These sanctions are in addition to criminal charges and any and all penalties imposed by the court. There are no changes to the post-conviction requirements.

Blood-drug concentration limits

Alberta’s alcohol- and drug-impaired driving offences and sanctions have been updated to align with new federal drug laws, which came into effect on June 21, 2018.

Changes include:

  • new drug-impaired driving offences with specified blood-drug concentration (BDC) limits for several illicit drugs and tetrahydrocannabinol (THC), the main mind-altering ingredient found in cannabis

  • updated criminal penalties for impaired driving

Drug-impaired driving has been a criminal offence for decades. What’s new are the blood-drug concentration limits for cannabis and cannabis/alcohol combination.

These limits are similar to the existing .08 percent blood alcohol concentration for criminal-level alcohol-impaired driving. If you are found driving over the criminal limits, you are considered impaired behind the wheel.

Table 1: New blood-drug concentration limits

Blood concentration level Federal criminal penalty *

2 nanograms (ng) per millilitre (ml)
but less than 5 ng/ml THC Maximum $1,000 fine (summary conviction)

5 ng/ml or more THC **

OR

2.5 ng/ml or more THC combined
with 50 mg/100ml or more alcohol

1st offence: Minimum $1,000 fine

2nd offence: Mandatory 30 days imprisonment

3rd offence: Mandatory 120 days imprisonment

* Penalties are more serious for drivers who have high levels of impairment or who injure or kill others while driving impaired, and those who are repeat offenders.

** This section also includes penalties for exceeding any blood drug concentration as established in federal regulations. THC is the only drug with established time limits at this time. Limits for illegal drugs may follow.

Survivor in crash that killed 2 Alberta teens recalls ‘blowing a stop sign’ at trial

A man accused in a Canada Day crash in central Alberta that killed two teenagers and severely injured two others has pleaded not guilty.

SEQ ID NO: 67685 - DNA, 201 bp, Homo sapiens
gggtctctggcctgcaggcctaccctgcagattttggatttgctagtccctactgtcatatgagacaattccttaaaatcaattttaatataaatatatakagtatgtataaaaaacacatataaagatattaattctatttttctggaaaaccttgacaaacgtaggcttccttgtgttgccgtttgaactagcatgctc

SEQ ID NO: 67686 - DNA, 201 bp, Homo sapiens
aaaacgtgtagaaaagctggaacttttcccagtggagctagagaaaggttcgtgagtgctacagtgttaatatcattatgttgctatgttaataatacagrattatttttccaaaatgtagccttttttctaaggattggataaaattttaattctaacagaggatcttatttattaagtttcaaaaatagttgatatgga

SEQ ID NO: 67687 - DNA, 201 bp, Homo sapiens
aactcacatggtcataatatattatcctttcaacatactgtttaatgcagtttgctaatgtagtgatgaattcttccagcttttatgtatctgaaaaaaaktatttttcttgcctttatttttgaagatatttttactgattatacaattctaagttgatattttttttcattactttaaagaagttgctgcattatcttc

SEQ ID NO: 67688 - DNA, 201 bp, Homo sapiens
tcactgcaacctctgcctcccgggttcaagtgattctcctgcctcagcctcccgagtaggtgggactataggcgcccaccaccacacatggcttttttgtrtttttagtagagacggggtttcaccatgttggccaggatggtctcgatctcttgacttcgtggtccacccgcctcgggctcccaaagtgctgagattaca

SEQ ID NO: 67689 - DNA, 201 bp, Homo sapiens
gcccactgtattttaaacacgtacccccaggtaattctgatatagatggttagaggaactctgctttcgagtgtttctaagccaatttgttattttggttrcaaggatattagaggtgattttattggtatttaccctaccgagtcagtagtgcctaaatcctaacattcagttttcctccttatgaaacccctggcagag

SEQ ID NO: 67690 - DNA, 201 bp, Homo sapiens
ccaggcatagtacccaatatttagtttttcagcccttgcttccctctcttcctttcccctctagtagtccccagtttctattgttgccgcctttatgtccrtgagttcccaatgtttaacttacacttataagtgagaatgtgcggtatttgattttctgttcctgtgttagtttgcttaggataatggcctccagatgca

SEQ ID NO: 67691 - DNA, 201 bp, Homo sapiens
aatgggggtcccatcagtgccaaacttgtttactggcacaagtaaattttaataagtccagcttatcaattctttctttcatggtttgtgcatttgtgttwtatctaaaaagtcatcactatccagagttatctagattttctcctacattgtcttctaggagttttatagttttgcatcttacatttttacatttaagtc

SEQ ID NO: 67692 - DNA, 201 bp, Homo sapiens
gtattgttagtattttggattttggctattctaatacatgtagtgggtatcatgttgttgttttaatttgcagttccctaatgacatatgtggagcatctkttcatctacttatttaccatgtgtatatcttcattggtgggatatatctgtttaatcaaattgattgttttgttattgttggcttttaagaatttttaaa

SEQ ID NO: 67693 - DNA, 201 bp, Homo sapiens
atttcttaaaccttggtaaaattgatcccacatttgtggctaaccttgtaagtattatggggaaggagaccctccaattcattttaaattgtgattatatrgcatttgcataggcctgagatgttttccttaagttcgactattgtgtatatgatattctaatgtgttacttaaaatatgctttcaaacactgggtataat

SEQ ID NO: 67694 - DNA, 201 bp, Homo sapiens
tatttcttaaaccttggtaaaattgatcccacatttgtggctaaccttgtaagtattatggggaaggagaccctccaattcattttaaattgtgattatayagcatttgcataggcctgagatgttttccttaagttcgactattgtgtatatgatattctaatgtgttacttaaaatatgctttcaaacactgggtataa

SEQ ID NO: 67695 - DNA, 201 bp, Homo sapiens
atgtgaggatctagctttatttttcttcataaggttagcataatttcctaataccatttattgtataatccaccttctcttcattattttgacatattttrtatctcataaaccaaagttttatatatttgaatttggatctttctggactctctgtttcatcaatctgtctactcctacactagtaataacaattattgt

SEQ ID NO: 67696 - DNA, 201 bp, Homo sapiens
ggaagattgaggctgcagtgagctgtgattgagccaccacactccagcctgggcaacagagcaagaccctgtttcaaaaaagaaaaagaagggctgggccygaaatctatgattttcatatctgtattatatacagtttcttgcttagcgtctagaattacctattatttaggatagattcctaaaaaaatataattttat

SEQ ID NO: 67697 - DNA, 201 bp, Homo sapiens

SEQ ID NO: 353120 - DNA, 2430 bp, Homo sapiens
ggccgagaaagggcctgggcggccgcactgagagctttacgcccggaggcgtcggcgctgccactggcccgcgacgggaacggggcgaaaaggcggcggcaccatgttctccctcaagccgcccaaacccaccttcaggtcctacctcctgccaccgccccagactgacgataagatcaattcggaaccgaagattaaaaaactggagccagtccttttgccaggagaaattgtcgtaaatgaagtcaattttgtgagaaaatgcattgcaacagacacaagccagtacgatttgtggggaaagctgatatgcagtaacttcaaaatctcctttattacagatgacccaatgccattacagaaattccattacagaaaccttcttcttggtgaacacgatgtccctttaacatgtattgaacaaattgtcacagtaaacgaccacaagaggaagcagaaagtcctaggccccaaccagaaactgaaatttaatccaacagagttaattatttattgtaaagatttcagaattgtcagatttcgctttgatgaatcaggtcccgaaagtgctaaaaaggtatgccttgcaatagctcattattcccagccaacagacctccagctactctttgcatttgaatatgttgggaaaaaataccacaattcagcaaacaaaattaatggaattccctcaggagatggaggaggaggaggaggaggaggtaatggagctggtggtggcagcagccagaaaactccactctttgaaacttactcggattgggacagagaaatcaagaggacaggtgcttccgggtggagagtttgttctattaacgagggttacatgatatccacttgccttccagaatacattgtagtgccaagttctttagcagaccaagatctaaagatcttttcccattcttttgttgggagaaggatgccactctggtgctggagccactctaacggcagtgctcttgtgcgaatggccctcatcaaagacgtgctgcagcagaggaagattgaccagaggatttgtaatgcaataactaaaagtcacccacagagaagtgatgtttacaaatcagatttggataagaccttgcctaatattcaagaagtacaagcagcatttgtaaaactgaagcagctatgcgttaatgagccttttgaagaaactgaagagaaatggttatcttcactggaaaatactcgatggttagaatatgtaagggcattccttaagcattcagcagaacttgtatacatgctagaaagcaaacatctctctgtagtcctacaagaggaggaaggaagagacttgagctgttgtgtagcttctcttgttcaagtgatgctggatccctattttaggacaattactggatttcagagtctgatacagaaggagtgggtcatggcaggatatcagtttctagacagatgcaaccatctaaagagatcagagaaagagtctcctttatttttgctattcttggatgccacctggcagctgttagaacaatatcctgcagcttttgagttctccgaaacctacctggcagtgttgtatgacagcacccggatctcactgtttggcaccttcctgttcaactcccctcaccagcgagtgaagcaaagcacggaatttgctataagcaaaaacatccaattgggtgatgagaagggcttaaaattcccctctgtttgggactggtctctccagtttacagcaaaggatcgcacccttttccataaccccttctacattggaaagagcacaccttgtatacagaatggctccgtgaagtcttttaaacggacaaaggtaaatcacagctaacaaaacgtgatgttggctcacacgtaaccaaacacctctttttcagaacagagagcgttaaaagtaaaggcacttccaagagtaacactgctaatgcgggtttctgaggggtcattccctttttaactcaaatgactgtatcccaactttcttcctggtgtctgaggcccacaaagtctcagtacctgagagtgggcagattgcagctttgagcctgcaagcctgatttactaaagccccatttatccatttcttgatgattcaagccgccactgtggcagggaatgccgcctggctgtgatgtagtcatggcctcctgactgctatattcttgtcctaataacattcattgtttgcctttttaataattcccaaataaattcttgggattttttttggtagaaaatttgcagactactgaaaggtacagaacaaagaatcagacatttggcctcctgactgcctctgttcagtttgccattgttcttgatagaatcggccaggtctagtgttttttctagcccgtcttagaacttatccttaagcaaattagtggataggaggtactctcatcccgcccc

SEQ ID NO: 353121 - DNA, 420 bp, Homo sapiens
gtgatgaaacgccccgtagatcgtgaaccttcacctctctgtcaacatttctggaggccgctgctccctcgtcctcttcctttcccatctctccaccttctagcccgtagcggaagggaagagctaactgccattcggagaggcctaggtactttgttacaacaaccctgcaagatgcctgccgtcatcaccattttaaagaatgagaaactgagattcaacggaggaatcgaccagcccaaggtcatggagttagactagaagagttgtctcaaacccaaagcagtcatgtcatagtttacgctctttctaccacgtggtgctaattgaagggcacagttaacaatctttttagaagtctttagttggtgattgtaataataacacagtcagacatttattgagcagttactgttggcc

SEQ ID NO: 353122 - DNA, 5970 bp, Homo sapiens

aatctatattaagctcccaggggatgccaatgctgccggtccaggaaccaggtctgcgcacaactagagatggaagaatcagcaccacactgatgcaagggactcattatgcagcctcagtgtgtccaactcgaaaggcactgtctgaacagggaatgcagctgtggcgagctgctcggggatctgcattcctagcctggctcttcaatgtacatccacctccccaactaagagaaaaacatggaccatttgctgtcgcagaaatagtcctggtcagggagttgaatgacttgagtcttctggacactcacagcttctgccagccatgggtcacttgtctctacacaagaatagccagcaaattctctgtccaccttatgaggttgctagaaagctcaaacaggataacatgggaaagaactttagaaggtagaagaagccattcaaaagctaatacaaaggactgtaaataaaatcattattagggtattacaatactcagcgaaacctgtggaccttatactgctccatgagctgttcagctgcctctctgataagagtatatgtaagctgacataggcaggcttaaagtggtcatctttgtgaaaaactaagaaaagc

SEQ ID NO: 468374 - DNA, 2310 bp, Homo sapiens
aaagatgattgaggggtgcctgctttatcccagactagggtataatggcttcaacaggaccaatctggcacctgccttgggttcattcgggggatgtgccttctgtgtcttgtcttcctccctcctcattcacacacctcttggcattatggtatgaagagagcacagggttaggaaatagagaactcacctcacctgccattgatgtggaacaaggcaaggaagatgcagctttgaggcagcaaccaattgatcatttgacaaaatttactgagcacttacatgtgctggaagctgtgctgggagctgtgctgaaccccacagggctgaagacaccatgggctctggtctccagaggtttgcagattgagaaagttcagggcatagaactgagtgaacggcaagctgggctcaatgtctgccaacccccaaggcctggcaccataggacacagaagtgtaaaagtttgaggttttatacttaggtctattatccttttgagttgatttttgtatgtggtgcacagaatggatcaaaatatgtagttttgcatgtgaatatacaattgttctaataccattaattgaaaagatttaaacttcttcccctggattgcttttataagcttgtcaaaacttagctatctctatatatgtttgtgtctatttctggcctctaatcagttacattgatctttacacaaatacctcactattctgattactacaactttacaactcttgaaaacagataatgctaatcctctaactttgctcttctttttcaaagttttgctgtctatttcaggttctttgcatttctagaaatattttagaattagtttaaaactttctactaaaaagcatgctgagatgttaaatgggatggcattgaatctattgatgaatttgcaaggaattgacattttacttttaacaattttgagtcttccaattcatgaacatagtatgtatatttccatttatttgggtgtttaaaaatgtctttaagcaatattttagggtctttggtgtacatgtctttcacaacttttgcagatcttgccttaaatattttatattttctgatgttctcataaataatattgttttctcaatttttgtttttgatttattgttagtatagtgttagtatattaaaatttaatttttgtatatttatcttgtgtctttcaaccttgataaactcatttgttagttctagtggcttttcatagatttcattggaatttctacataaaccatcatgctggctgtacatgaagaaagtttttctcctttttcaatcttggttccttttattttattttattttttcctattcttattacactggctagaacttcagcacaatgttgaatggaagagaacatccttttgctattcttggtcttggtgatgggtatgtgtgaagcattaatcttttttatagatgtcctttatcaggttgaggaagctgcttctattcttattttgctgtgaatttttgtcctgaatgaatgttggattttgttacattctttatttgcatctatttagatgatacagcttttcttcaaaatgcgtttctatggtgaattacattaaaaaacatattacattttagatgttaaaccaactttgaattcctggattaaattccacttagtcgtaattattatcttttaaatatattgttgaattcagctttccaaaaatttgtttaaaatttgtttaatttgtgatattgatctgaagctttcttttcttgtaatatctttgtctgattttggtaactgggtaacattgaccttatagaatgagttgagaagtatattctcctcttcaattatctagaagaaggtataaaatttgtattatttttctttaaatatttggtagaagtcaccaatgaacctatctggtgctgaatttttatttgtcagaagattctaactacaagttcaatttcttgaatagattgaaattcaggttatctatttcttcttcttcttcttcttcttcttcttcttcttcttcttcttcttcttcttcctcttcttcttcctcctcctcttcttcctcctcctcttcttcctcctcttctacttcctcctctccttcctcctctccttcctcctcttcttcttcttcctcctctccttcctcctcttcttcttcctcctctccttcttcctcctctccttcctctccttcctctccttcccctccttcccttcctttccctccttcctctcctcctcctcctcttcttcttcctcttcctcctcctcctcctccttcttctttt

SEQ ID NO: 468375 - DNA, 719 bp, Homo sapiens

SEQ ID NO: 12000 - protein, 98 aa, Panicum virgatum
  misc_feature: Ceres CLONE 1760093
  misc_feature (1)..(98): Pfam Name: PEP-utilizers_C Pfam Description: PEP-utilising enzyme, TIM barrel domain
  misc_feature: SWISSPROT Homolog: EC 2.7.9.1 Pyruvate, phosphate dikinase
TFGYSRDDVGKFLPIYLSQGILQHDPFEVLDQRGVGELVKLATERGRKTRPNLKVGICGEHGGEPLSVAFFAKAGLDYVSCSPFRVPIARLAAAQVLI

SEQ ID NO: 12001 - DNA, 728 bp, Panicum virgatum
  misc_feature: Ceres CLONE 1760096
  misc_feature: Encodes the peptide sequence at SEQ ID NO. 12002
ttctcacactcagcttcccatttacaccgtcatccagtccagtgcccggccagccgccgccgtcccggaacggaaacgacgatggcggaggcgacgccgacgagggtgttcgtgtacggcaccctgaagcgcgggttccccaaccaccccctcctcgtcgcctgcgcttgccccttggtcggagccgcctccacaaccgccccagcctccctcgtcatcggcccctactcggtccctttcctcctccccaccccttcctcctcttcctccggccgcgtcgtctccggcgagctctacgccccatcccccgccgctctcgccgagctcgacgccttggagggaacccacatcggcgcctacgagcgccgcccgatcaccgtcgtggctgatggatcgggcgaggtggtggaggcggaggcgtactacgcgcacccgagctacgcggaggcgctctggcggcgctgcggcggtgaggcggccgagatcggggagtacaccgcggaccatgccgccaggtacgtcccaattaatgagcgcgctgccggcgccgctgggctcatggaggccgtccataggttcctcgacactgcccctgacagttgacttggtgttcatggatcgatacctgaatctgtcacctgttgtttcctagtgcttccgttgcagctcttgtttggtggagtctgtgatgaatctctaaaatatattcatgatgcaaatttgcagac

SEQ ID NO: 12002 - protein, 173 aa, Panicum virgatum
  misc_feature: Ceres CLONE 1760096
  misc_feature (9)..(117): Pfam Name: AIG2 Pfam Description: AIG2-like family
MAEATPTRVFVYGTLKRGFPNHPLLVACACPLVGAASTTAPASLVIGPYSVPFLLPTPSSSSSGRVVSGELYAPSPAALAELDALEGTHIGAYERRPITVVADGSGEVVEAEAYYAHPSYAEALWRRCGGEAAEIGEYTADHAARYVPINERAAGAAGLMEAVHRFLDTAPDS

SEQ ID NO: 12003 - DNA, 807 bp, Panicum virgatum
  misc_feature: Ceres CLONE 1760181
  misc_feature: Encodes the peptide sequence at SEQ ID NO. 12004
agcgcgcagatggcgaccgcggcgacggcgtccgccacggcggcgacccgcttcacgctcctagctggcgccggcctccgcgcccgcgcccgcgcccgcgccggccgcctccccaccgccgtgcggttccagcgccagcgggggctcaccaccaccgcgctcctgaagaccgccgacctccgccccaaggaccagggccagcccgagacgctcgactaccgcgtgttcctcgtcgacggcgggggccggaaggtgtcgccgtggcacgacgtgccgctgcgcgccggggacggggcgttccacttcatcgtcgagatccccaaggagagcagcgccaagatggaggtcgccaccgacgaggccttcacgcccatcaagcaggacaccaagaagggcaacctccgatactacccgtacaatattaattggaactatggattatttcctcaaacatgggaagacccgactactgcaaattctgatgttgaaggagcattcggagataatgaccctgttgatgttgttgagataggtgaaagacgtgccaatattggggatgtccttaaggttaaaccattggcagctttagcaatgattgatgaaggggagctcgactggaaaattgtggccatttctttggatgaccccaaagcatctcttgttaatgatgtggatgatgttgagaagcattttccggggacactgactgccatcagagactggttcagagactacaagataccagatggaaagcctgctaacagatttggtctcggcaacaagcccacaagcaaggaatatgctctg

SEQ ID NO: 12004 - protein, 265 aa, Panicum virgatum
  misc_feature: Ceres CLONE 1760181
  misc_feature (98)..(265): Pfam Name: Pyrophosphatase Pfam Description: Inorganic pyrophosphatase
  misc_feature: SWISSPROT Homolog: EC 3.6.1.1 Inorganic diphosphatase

Dylan James Beauclair, who is 21, is charged with two counts of dangerous driving causing death and two more of dangerous driving causing bodily harm.

His trial began Thursday in Red Deer Court of Queen’s Bench before a judge alone.

Ashleigh Smith, who was 16 and from Springbrook, Alta., and 18-year-old John Dolliver from Penhold, Alta., died on July 1, 2016, in a late-night single-vehicle accident east of Red Deer.

Mounties said at the time that two occupants were ejected from the vehicle and died on the scene, while two others were injured and taken to hospital.

A fifth occupant who was not ejected was also taken to hospital but was released a short time later.

  • After 13 deaths in July, RCMP warn drivers to be careful over long weekend

The first witness called by the Crown was one of the people in the car the night of the crash.

Lexie Martin testified that the group planned to attend the Canada Day fireworks in nearby Sylvan Lake before attending a party back in Red Deer.

But it started to rain, Martin recalled, so they decided to go straight to the party.

Shaylene Taberner, who was Beauclair’s girlfriend and now lives with him, testified she was supposed to be the designated driver that evening. But she and Beauclair got into a “huge fight” after her father called her and told her to come home. She said he was upset that she was out with Beauclair.

The group suggested Beauclair take the wheel, Taberner testified, but she couldn’t recall much more than that.

“I faintly remember blowing a stop sign. Then I remember waking up and a nice lady was holding my hand,” she told court.